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Minimal neuroanatomy for a conscious brain


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Minimal neuroanatomy for a conscious brain

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Minimal neuroanatomy for a conscious brain

  1. 1. Neural Networks 23 (2010) 14–15 Contents lists available at ScienceDirect Neural Networks journal homepage: networks letterMinimal neuroanatomy for a conscious brain: Homing in on the networksconstituting consciousnessEzequiel Morsella a,b,∗ , Stephen C. Krieger c , John A. Bargh da Department of Psychology, San Francisco State University, United Statesb Department of Neurology, University of California, San Francisco, United Statesc Department of Neurology, Mount Sinai Medical Center, United Statesd Yale University, United Statesarticle info abstractArticle history: There is a consensus that consciousness is constituted by only a subset of all neuroanatomical regionsReceived 10 July 2008 and processes, but no agreement exists regarding which particular subset(s) constitutes it. We proposeReceived in revised form 24 July 2009 that a consensus will be reached if investigators (a) pool their knowledge regarding the regions whoseAccepted 13 August 2009 non-participation does not in principle render the nervous system devoid of consciousness (e.g., the cerebellum, amygdalae, hippocampi, hemispheric commissures, ‘pre-cortical’ thalamus, and vast regionsKeywords: of the cortex), and (b) focus on the long-overlooked olfactory system. This ‘brutally reductionistic’Neural correlate of consciousness (NCC)Consciousness approach may isolate the physical basis of consciousness; even its falsification would help to illuminateOlfactory system this enigma.Awareness © 2009 Elsevier Ltd. All rights reserved.Subjective experienceSentienceMind–body problem Remarkable empirical advances have led to the consensus that system incapable of still exhibiting an identifiable form of con-consciousness1 is associated with only a subset of all neuroanato- sciousness, and (b) focus on the long-overlooked physical basis ofmical regions and processes, but no agreement exists regarding olfactory consciousness.which particular subset(s) embodies the physical events (presum- There are numerous neuroanatomical regions that do not ren-ably networks) capable of constituting consciousness. At one ex- der the nervous system incapable of continuing to exhibit an iden-treme, researchers propose that consciousness can be constituted tifiable form of consciousness when they are non-participatoryat a small scale, by a unique set of cells in particular regions (Koch, (e.g., extirpated or inactivated). Cataloging such regions prevents2004); at the other extreme, researchers propose that it requires researchers from barking up the wrong tree when attemptinglarge-scale synchronization of ‘equipotential’ elements across the to isolate the physical basis of consciousness. Through the pro-brain (Greenfield, 2000). A consensus will be reached if investi- cess of elimination, such a catalog also helps one distill what cangators (a) pool their knowledge regarding the capacious catalog be conceptualized as the minimal neuroanatomy for a consciousof regions whose non-participation does not render the nervous brain. The following are conservative, a-theoretical conclusions from such a catalog. Gross anatomy ∗ Although the absence of the spinal cord or cerebellum leads Corresponding address: Department of Psychology, San Francisco StateUniversity (SFSU), 1600 Holloway Avenue, EP 301, San Francisco, CA 94132-4168, to sensory, motor, and even cognitive deficits, it does not seemUnited States. to eradicate all forms of consciousness. Similarly, although E-mail address: (E. Morsella). extirpation of the amygdalae or hippocampi leads to anomalies 1 According to the philosopher Thomas Nagel, an organism possesses conscious- including deficits in affective processing and episodic memory,ness (also known as ‘awareness’ and ‘sentience’) if there is something it is like to respectively, it seems that an identifiable form of consciousnessbe that organism—something it is like, for example, to be human and experience persists without these structures. This is not to imply that thesepain or yellow afterimages. At this stage of understanding, we believe it is best tostudy something as assumption laden as consciousness only in subjects that can structures are incapable of generating a form of consciousness,self-report. Hence, we focus on the adult human brain, a context in which one can but only that, in principle, a brain can be a conscious brain withoutspeak about consciousness with certainty. them. With respect to these structures and those listed below,0893-6080/$ – see front matter © 2009 Elsevier Ltd. All rights reserved.doi:10.1016/j.neunet.2009.08.004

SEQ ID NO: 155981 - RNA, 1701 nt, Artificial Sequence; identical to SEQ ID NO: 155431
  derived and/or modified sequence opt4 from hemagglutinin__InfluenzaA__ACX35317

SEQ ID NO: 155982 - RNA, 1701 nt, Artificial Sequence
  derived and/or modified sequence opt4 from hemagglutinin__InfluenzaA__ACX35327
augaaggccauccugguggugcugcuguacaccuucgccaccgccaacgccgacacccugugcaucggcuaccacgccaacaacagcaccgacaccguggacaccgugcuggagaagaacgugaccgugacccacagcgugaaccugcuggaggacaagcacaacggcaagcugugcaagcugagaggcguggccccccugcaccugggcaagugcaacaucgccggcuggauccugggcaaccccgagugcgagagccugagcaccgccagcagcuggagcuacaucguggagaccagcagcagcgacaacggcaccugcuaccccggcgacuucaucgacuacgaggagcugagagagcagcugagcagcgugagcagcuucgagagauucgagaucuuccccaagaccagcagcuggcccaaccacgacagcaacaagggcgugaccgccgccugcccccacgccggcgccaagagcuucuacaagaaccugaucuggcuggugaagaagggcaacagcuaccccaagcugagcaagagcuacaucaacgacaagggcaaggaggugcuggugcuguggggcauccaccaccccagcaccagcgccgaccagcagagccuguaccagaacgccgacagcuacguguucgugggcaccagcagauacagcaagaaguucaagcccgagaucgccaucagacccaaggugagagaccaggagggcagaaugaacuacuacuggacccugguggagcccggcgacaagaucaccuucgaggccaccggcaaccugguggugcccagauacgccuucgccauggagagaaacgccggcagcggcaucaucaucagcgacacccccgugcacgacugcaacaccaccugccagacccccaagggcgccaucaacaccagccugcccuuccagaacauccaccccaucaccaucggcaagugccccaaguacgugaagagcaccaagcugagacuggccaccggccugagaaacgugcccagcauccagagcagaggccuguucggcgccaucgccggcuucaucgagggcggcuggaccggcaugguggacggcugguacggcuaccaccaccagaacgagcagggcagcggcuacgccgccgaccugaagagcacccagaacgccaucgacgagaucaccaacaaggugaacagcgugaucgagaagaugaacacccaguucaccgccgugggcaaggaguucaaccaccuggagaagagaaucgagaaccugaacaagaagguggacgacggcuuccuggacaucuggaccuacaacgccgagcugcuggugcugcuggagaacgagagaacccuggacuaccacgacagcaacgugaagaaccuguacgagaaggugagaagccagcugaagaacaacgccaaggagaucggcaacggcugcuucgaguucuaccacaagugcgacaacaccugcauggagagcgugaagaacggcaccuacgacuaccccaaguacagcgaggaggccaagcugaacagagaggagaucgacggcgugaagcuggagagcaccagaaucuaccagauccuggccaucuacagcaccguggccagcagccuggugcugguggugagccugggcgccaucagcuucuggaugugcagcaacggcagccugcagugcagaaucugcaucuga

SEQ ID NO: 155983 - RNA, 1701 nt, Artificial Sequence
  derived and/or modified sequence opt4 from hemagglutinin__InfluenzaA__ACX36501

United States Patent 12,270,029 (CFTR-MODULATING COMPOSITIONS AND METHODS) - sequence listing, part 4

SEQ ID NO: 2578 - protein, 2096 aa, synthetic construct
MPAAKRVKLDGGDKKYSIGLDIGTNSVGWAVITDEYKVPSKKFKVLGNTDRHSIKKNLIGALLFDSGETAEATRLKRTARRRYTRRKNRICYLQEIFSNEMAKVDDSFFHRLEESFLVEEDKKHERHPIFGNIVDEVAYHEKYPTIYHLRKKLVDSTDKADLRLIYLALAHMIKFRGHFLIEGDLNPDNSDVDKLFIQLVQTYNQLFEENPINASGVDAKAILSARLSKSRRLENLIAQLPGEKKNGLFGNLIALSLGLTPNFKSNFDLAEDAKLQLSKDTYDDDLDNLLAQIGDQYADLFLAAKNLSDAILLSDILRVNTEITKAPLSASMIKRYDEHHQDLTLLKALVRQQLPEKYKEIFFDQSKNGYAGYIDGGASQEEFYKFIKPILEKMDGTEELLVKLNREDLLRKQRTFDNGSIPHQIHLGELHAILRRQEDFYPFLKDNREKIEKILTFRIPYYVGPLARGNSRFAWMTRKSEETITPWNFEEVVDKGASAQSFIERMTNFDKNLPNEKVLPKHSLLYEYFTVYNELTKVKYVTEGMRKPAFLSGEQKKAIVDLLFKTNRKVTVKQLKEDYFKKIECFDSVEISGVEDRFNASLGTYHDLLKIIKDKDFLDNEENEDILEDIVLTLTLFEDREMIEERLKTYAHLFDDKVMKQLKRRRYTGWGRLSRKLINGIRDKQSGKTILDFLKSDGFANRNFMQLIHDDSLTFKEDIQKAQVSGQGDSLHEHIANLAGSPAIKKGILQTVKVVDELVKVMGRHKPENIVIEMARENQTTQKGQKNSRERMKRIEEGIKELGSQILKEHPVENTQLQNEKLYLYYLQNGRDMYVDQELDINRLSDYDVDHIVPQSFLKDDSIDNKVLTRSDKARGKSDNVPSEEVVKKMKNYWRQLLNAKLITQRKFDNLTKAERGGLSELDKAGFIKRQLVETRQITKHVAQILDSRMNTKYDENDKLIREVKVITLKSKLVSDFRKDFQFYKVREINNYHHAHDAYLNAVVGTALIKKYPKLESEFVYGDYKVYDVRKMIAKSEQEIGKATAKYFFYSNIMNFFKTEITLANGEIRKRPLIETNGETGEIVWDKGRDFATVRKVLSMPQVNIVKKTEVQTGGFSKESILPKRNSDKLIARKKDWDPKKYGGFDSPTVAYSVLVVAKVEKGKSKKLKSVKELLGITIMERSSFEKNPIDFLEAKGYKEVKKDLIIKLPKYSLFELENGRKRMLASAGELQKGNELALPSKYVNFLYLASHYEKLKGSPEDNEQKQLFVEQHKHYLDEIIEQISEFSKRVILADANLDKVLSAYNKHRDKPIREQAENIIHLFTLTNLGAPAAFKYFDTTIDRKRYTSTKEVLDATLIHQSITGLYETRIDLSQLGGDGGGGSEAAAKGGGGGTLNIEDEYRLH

2. 2. E. Morsella et al. / Neural Networks 23 (2010) 14–15 15our approach is valid only if consciousness does not require some tial nothingness’ (an informative baseline condition for conscious-hitherto unidentified, large-scale interaction requiring a subset of ness research) is more akin to the phenomenology of the blind spotthe regions that are thus ‘conceptually extirpated.’ If the approach than to that which is experienced when visual stimulation is absentis proved to be invalid, then there will be strong evidence that (darkness).consciousness does require multiple regions (Greenfield, 2000), A critical question is whether the olfactory system can gen-and much will have been learned regarding its physical nature. erate some form of consciousness (a ‘microconsciousness’, as in Investigations on ‘split-brain’ patients and split-brain patients Semir Zeki’s work; Koch, 2004) by itself or whether olfactory con-experiencing binocular rivalry (O’Shea & Corballis, 2005) suggest sciousness requires interactions with non-olfactory regions of thethat a conscious brain does not require the non-dominant (usu- minimal brain proposed above. Perhaps one becomes conscious ofally right) cerebral cortex nor the cerebral commissures. Investi- olfactory percepts only when they ‘cross-talk’ with other sys-gations regarding prefrontal lobe syndromes (Gray, 2004) and the tems or when they influence processes that are motor (Bensafipsychophysiology of dreaming, which involves prefrontal deacti- et al., 2004) or semantic–linguistic (Herz, 2003). According to Buckvations (Muzur, Pace-Schott, & Hobson, 2002), suggest that, al- (2000), conscious aspects of odor discrimination depend primarilythough the prefrontal lobes are involved in cognitive control, they on the activities of the frontal and orbitofrontal cortices; accord-are not essential for the generation of consciousness, consistent ing to Barr and Kierman (1993), olfactory consciousness dependswith the view that cognitive control and consciousness are distinct on the pyriform cortex. These proposals appear inconsistent withprocesses (Koch & Tsuchiya, 2007). subcortical accounts of consciousness (Merker, 2007). Research on Investigators have challenged the prevalent view that the phantosmias and explicit versus implicit olfactory processing maycortex should be construed as the organ of consciousness. As noted resolve this discrepancy. Hence, it is critical to identify the min-in Merker (2007), Wilder Penfield concluded from observations of imal region(s) whose stimulation is sufficient to induce olfactoryawake patients undergoing brain surgeries involving ablations and brain stimulation that, although the cortex may elaborate Therefore, the minimal neuroanatomy for a conscious brainthe contents of consciousness, it is not the seat of consciousness. need not in principle include the spinal cord, cerebellum, amyg-Based on such evidence and clinical observations of anencephaly, dalae, hippocampi, pre-cortical relay thalamus, hemispheric com-Merker (2007) re-introduces this hypothesis in a framework in missures, non-dominant cortical hemisphere, nor many portionswhich consciousness is primarily a phenomenon associated with of the dominant hemisphere. Hypothetically, consciousness can bemesencephalic areas. It seems that consciousness can persist even instantiated in a minimal nervous system without these regionswhen great quantities of the cortex are absent. The question now and their associated processes. This hypothesis can be falsified ifis whether an identifiable form of consciousness can exist despite the remaining areas alone are insufficient to constitute conscious-the non-participation of all cortical matter. ness, perhaps because the physical basis of consciousness liesThe case for olfaction outside these regions, or consciousness requires a larger-scale net- To understand the neural basis of consciousness, researchers work (Greenfield, 2000). Such a falsification would advance re-have followed Sir Francis Crick’s recommendation and focused search on consciousness. Through multidisciplinary research, theon the visual system, but this dominant, neuroanatomically vast, subset(s) of regions constituting consciousness may be further iso-and far from primitive modality may not be the easiest arena lated by eliminating regions of this minimal brain.for our reductionistic approach. Olfaction is better suited forsuch purposes. For example, it is tempting to hypothesize that Acknowledgmenta conscious brain requires thalamocortical interaction betweenthalamic ‘relay’ neurons and the cortex, but this is inconsistent We acknowledge the assistance of Donald Leopold.with the fact that we consciously experience aspects of olfactioneven though olfactory afferents bypass the thalamus and directly Referencestarget regions of the ipsilateral cortex. This is not to imply thatthe relay thalamus is unnecessary for other forms of consciousness Barr, M. L., & Kierman, J. A. (1993). The human nervous system. An anatomical(e.g., visual or auditory) or that a conscious brain experiencing only viewpoint (6th ed.). Philadelphia: Lippincott. Bensafi, M., Zelano, C. M., Johnson, B. N., Mainland, J. D., Khan, R., & Sobel, N.olfaction does not require the thalamus: in post-cortical stages (2004). Olfaction: From sniff to percept. In M. S. Gazzaniga (Ed.), The cognitiveof processing, the thalamus receives inputs from cortical regions neurosciences III (pp. 259–280). Cambridge, MA: MIT Press.involved in olfaction. Buck, L. B. (2000). Smell and taste: The chemical senses. In E. R. Kandel, J. H. The neural correlates of conscious olfactory perceptions, im- Schwartz, & T. M. Jessell (Eds.), Principles of neural science (fourth edition) (pp. 625–647). New York: McGraw-Hill.agery, and hallucinations, as revealed by direct stimulation of the Gray, J. A. (2004). Consciousness: Creeping up on the hard problem. New York: Oxfordbrain, neuroimaging, and lesions, suggest that olfactory conscious- University Press.ness does not require the olfactory bulb (Mizobuchi et al., 1999). Greenfield, S. A. (2000). The private life of the brain. New York: Wiley. Herz, R. S. (2003). The effect of verbal context on olfactory perception. Journal ofIt seems that patients can still experience explicit, olfactory mem- Experimental Psychology: General, 132, 595–606.ories following bilateral olfactory bulbectomies, though definitive Kay, L. M., & Sherman, S. M. (2007). An argument for an olfactory thalamus. Trendsevidence is wanting. It seems that the minimal neuroanatomy for in Neurosciences, 30, 47–53. Koch, C. (2004). The quest for consciousness: A neurobiological approach. Colorado:consciousness does not require the relay thalamus nor at least one Roberts and Company.structure (the olfactory bulb) proposed to serve a function similar Koch, C., & Tsuchiya, N. (2007). Attention and consciousness: Two distinct brainto that of the relay thalamus (Kay & Sherman, 2007). processes. Trends in Cognitive Sciences, 11, 16–22. Merker, B. (2007). Consciousness without a cerebral cortex: A challenge for In addition to its relatively simple, neuroanatomically acces- neuroscience and medicine. Behavioral and Brain Sciences, 30, 63–134.sible, and phylogenetically primitive structure, olfaction is well Mizobuchi, M., Ito, N., Tanaka, C., Sako, K., Sumi, Y., & Sasaki, T. (1999). Unidirectionalsuited for consciousness research because of its phenomenologi- olfactory hallucination associated with ipsilateral unruptured intracranial aneurysm. Epilepsia, 40, 516– characteristics: unlike most other modalities, it regularly yields Muzur, A., Pace-Schott, E. F., & Hobson, J. A. (2002). The prefrontal cortex in subjective experience of any kind when the system is under- Trends in Cognitive Sciences, 6, 475–481.stimulated, as during sensory habituation or when odorants are O’Shea, R. P., & Corballis, P. M. (2005). Visual grouping on binocular rivalry in a split-subliminal (as in blind-smell; Bensafi et al., 2004). This ‘experien- brain observer. Vision Research, 45, 247–261.